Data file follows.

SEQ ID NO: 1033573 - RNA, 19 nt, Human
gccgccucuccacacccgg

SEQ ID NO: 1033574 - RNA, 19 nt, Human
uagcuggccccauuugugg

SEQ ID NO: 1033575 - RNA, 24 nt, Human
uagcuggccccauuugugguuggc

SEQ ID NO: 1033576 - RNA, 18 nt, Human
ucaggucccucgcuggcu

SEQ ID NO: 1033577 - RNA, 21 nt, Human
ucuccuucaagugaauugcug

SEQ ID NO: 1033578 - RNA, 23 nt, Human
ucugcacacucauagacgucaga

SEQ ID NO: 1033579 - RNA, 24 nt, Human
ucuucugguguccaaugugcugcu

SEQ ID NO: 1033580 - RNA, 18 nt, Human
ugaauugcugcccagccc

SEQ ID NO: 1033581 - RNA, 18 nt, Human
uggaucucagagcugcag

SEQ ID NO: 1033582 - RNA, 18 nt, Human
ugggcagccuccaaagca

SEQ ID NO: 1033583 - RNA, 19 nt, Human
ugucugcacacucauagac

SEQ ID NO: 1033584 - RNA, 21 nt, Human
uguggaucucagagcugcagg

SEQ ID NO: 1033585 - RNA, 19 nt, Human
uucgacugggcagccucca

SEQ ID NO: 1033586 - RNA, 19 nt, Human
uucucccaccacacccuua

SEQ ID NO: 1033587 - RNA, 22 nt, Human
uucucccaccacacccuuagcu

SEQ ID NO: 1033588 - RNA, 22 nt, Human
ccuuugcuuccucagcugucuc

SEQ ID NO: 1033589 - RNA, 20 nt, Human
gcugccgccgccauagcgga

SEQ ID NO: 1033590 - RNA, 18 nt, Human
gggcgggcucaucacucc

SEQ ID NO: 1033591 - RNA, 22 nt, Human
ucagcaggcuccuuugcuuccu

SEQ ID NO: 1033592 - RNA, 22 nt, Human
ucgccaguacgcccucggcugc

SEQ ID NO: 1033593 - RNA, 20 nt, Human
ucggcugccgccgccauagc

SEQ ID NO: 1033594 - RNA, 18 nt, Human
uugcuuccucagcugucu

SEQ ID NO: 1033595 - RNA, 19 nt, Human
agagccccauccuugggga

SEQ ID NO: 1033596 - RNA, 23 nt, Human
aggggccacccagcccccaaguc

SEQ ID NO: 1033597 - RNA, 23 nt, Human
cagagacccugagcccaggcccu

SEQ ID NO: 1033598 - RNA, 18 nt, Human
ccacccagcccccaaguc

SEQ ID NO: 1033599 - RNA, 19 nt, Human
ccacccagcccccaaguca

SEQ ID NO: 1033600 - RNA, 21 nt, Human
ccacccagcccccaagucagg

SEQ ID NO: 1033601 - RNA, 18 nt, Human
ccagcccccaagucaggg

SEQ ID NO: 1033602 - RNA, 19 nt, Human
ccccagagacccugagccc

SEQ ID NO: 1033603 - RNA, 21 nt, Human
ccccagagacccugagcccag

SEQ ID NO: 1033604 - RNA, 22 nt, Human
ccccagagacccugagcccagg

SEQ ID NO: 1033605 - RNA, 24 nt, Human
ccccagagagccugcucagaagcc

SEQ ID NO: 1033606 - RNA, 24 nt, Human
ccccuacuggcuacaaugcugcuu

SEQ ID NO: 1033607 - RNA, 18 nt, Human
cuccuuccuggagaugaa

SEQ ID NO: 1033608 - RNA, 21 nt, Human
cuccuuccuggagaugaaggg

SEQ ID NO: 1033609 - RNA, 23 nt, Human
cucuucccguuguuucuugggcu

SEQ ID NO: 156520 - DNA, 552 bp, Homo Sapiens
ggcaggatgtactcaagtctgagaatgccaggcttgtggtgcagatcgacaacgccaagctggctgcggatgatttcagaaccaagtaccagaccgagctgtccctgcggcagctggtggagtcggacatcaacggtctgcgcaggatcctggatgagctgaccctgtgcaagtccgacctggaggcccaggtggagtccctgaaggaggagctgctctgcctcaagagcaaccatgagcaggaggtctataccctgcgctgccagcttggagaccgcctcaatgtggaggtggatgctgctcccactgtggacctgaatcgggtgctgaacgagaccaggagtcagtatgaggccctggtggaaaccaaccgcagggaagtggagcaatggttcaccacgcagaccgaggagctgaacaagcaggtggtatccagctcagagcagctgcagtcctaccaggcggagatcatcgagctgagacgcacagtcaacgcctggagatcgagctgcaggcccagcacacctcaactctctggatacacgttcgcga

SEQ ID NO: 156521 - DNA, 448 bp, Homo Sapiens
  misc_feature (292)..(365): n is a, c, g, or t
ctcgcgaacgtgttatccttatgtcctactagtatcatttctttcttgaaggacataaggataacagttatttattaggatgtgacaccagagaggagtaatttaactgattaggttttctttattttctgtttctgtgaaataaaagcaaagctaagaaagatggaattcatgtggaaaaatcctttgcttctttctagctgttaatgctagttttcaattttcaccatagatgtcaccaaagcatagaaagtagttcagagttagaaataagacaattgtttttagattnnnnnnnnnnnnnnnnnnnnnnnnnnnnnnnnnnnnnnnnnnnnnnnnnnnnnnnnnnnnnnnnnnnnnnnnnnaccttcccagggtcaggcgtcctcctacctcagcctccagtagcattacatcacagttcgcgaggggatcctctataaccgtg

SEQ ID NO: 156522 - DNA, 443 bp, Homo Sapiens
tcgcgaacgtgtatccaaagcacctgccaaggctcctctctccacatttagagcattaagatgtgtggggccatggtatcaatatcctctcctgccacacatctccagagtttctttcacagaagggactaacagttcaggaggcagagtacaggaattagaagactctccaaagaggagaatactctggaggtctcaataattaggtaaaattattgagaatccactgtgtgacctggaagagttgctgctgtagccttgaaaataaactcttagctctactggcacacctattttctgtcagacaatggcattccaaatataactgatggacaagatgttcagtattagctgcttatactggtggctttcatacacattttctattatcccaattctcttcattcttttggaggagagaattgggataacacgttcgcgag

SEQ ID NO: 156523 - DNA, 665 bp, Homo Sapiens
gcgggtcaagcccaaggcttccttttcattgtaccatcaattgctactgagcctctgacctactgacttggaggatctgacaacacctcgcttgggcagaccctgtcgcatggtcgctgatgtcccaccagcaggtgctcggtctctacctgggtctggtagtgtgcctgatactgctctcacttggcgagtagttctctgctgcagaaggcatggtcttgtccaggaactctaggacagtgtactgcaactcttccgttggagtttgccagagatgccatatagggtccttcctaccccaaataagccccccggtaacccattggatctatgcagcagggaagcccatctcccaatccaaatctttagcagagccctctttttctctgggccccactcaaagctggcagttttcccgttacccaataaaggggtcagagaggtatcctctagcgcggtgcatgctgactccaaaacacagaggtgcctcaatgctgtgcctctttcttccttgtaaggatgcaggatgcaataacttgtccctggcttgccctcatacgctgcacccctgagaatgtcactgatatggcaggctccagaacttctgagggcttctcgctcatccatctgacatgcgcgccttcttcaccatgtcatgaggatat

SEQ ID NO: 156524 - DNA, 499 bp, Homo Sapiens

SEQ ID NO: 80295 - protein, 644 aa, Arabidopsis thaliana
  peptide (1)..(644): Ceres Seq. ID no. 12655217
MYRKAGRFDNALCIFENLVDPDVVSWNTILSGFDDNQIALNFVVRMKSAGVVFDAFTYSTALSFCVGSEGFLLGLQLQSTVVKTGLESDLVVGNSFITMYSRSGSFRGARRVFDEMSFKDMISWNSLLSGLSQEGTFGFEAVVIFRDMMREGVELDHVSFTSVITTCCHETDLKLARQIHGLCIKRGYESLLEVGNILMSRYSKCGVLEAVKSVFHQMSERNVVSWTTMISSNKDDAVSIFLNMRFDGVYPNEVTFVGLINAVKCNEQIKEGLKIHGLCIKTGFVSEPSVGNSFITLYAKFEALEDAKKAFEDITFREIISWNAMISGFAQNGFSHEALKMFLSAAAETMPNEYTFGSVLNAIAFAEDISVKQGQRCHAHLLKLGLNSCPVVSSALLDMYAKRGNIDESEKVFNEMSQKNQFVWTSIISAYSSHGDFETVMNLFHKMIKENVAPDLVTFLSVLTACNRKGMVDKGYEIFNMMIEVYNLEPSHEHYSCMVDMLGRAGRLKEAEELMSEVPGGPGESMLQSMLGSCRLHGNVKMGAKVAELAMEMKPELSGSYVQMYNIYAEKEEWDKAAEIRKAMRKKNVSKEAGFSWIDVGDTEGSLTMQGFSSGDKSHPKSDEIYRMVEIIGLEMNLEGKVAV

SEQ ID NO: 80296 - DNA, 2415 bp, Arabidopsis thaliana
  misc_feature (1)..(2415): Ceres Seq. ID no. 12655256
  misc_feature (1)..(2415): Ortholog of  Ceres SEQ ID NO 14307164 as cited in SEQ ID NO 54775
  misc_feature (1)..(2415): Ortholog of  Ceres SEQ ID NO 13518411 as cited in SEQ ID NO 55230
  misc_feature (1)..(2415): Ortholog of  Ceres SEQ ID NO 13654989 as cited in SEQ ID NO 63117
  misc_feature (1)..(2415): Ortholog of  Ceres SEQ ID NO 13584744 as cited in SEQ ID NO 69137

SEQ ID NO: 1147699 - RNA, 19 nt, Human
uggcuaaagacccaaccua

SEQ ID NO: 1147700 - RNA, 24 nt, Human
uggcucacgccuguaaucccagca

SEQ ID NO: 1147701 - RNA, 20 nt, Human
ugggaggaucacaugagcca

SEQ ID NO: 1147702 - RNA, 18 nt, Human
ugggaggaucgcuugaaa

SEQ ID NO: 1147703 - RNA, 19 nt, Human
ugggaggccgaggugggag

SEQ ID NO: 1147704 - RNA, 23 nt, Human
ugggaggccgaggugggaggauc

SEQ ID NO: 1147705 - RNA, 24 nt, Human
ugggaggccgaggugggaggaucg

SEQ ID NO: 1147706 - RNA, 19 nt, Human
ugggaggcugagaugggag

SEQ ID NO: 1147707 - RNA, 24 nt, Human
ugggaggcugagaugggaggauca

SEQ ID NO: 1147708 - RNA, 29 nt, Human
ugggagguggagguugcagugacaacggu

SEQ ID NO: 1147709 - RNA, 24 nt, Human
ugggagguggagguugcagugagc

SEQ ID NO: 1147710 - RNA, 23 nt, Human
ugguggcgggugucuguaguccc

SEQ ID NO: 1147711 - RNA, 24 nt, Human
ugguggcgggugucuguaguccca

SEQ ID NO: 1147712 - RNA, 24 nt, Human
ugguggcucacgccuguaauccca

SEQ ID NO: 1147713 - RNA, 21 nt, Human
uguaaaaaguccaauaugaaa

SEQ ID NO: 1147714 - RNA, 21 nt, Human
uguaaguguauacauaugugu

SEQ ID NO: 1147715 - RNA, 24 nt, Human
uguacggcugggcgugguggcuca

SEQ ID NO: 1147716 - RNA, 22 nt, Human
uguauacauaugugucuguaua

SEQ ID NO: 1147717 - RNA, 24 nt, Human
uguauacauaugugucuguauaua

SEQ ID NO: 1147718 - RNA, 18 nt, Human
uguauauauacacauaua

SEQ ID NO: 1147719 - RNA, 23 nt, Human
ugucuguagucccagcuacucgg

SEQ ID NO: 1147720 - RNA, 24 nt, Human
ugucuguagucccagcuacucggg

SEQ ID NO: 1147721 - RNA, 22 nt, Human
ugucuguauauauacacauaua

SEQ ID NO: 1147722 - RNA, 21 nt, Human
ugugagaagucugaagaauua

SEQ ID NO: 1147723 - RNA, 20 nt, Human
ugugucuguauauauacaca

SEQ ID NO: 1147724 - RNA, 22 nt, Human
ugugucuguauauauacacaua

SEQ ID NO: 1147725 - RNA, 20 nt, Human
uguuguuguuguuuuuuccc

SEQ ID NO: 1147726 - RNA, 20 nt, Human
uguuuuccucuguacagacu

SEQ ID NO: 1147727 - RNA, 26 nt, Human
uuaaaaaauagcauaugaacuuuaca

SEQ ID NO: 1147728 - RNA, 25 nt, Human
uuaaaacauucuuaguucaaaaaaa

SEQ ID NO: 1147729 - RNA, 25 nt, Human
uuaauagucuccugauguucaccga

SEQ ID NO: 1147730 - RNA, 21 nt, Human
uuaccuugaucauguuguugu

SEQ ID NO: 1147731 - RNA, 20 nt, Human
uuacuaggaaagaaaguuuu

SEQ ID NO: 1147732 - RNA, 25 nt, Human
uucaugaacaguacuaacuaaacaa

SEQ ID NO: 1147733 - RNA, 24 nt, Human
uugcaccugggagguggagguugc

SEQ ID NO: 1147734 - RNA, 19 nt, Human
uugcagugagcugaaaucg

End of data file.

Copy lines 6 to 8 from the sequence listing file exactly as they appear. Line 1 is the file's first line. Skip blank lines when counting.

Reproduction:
uagcuggccccauuugugguuggc

SEQ ID NO: 1033576 - RNA, 18 nt, Human
ucaggucccucgcuggcu